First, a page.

The work from IBM was done as part of a research project called Data For Development, in which Orange released data on 2.5bn call records from 5mn phones in the Ivory Coast. The cost of traditional surveys is relatively high, especially in developing countries, so mobile phone data is a logical step in helping to update a country’s transportation system.

Mobile phone location data could help in fight against Malaria

Siemens SL55 mobile phone

Siemens SL55 mobile phone (Photo credit: Wikipedia)

Of the world’s 6 billion phones it is estimated that 5 billion are in developing countries. From a Big Data perspective, this offers a fantastic opportunity, particularly on the African continent. Although global shipments of smartphones have recently overtaken those of feature phones, the majority of phones in the developing world are cheap, simple phones that are used for calls and text messaging. Cheap phones can be used to track people’s movements and mobile payments, such as the M-PESA system used in Kenya and Tanzania, can also be used to analyse employment trends and give governments an insight into poverty, transportation and economic activity. The use of the mobile phone in these 2 crucial areas is potentially very powerful.

Big data from cheap phones in Africa could really help in the fight against diseases like malaria. By analysing data from mobile phones, location based data could help map people’s movements and help understand the spread of diseases. Africa has been hampered by a lack of data-gathering infrastructure, so mobile phone data can open up up a realm of possibilities but there needs to be pressure on the operators to allow access.

Lake Victoria has long been known as a hotspot and source of malaria, but what hasn’t been known is detailed information about how and when people travel to and from the area. Standard efforts at tracking people have been sketchy at best as information at border controls is poor. The use of location based data to monitor the movement of people could help indicate high risk areas and high risk times to travel. In addition, text messaging could then be used to alert people of dangerous areas and to ensure people are advised to use a bed net. In Sierra Leone, the launch of a location-based SMS system will reach up to 36,000 people an hour, with warnings of impending fires, floods or outbreaks of disease. The system is called the Trilogy Emergency Relief Application (TERA) and will allow the Sierra Leone Red Cross Society, with support from the British and Icelandic Red Cross, to reach people in need in a matter of minutes.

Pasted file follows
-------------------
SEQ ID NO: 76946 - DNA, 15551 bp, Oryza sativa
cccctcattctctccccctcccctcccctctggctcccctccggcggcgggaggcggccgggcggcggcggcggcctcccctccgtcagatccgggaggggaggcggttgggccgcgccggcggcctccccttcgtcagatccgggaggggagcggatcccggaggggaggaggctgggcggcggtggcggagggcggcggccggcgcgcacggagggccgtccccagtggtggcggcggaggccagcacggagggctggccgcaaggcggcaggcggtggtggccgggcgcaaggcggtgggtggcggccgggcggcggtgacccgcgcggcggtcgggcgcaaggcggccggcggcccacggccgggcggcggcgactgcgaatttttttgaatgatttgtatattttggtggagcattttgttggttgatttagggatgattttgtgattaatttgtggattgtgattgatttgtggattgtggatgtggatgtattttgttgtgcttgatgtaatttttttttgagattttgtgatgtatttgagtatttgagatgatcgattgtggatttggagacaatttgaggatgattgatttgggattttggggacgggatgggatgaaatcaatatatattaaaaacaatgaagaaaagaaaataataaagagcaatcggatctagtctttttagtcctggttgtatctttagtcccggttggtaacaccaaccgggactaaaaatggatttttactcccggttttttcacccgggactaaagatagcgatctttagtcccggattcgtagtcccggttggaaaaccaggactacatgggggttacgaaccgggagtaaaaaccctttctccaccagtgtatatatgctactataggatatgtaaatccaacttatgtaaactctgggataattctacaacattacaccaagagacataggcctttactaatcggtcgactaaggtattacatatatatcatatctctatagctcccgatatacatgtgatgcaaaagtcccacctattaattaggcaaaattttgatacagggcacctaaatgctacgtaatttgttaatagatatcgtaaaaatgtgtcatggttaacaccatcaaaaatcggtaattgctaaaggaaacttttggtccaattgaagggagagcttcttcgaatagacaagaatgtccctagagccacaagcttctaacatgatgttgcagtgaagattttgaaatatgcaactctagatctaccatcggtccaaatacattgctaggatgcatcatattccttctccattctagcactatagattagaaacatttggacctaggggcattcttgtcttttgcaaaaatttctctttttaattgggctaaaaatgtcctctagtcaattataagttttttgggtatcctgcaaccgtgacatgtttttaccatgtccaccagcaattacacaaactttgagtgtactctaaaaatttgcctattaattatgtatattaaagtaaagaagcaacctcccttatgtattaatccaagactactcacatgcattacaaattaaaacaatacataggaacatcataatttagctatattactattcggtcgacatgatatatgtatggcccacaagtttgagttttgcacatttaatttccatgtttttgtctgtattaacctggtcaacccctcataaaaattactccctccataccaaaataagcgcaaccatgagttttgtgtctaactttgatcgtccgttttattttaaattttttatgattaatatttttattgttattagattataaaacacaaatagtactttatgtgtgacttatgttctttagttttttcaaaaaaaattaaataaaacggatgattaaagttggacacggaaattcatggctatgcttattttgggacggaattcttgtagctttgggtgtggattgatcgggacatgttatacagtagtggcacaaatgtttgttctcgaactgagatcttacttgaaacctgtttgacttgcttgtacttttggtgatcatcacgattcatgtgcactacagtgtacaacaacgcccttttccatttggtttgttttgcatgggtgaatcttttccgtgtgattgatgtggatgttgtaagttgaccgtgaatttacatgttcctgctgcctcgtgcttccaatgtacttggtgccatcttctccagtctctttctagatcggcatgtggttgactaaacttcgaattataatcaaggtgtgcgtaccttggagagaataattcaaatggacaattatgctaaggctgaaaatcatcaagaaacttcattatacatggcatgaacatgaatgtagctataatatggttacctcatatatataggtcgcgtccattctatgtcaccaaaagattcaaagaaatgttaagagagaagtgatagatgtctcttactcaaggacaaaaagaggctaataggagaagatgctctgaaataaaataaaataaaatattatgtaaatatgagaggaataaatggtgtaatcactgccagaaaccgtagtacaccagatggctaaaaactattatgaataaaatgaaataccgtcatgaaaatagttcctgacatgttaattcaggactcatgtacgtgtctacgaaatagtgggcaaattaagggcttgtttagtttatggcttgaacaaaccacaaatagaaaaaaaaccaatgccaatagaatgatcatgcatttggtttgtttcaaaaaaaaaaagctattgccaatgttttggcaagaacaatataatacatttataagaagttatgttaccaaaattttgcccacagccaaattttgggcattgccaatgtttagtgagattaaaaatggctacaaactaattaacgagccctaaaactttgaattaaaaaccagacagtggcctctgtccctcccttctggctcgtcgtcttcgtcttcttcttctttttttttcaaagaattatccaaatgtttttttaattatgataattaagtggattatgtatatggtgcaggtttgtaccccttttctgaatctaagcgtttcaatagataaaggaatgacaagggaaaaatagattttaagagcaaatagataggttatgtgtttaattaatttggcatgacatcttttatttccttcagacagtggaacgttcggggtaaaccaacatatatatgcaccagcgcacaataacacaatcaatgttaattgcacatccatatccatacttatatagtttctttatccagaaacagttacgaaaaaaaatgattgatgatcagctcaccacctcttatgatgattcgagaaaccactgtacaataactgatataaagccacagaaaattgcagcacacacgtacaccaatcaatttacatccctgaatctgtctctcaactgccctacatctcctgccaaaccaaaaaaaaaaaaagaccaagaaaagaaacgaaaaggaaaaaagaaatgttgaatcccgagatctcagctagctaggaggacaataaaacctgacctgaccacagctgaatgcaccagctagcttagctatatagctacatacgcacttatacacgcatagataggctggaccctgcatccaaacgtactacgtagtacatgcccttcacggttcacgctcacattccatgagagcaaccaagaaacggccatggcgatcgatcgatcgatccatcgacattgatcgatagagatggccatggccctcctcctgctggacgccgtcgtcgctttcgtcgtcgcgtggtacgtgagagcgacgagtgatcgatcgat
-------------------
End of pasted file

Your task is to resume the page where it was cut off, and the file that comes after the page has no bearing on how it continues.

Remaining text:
Last year, Orange released mobile phone data from the Ivory Coast which gave information on five months worth of calls made by 5m people. The data will be presented at MIT under the name Data for Development, part of a larger conference on data-mining projects throuout the world. A part of the data will chart travel between a traditional North South ethnic divide and may help avoid conflict in the future. There is a huge amount of excitement about this upcoming release of data and all of the possibilities it may be bring in the Ivory Coast and beyond.

We need to protect consumer privacy but there also needs to be continued pressure on phone operators to release anonymous location based user data . Mobile data may be the future of epidemiology and it could be how malaria is eradicated.

Sierra Leone launches SMS system to save lives

Flag-map of Sierra Leone

Flag-map of Sierra Leone (Photo credit: Wikipedia)

Sierra Leone emerged from a decade of civil war in 2002 and has made substantial economic growth in recent years, but poverty and unemployment are still very prevalent. Mobile technology, and in particular SMS, represents an excellent opportunity to communicate effectively with people who have traditionally been hard to reach on areas such as health and flood prevention. Harnessing mobile technology in innovative ways such as this will help save lives throughout the developing world.

The launch of a location-based SMS system should reach up to 36,000 people an hour, with warnings of impending fires, floods or outbreaks of disease. The system is called the Trilogy Emergency Relief Application (TERA) and will allow the Sierra Leone Red Cross Society, with support from the British and Icelandic Red Cross to reach people in need in a matter of minutes. Sierra Leone is only the second country in the world to launch the TERA SMS System and was initially developed in response to the earthquake in Haiti. It is being delivered in partnership with the Sierra Leone’s largest mobile operator, Airtel, as well as two additional operators – Comium and SierraTel – to allow the system to reach 1.5m people.

A year of monthly campaigns have been planned including information ahead of World Malaria Day on April 25th and further campaigns covering everything from cholera, tuberculosis and child health information to flood and fire prevention advice.

The launch of the TERA system is now planned in 40 further countries over the next 5 years, reaching millions of people throughout the world. The collaboration between the mobile operator Airtel, TERA and various charities working in Sierra Leone is an example of how mobile services can really help save lives.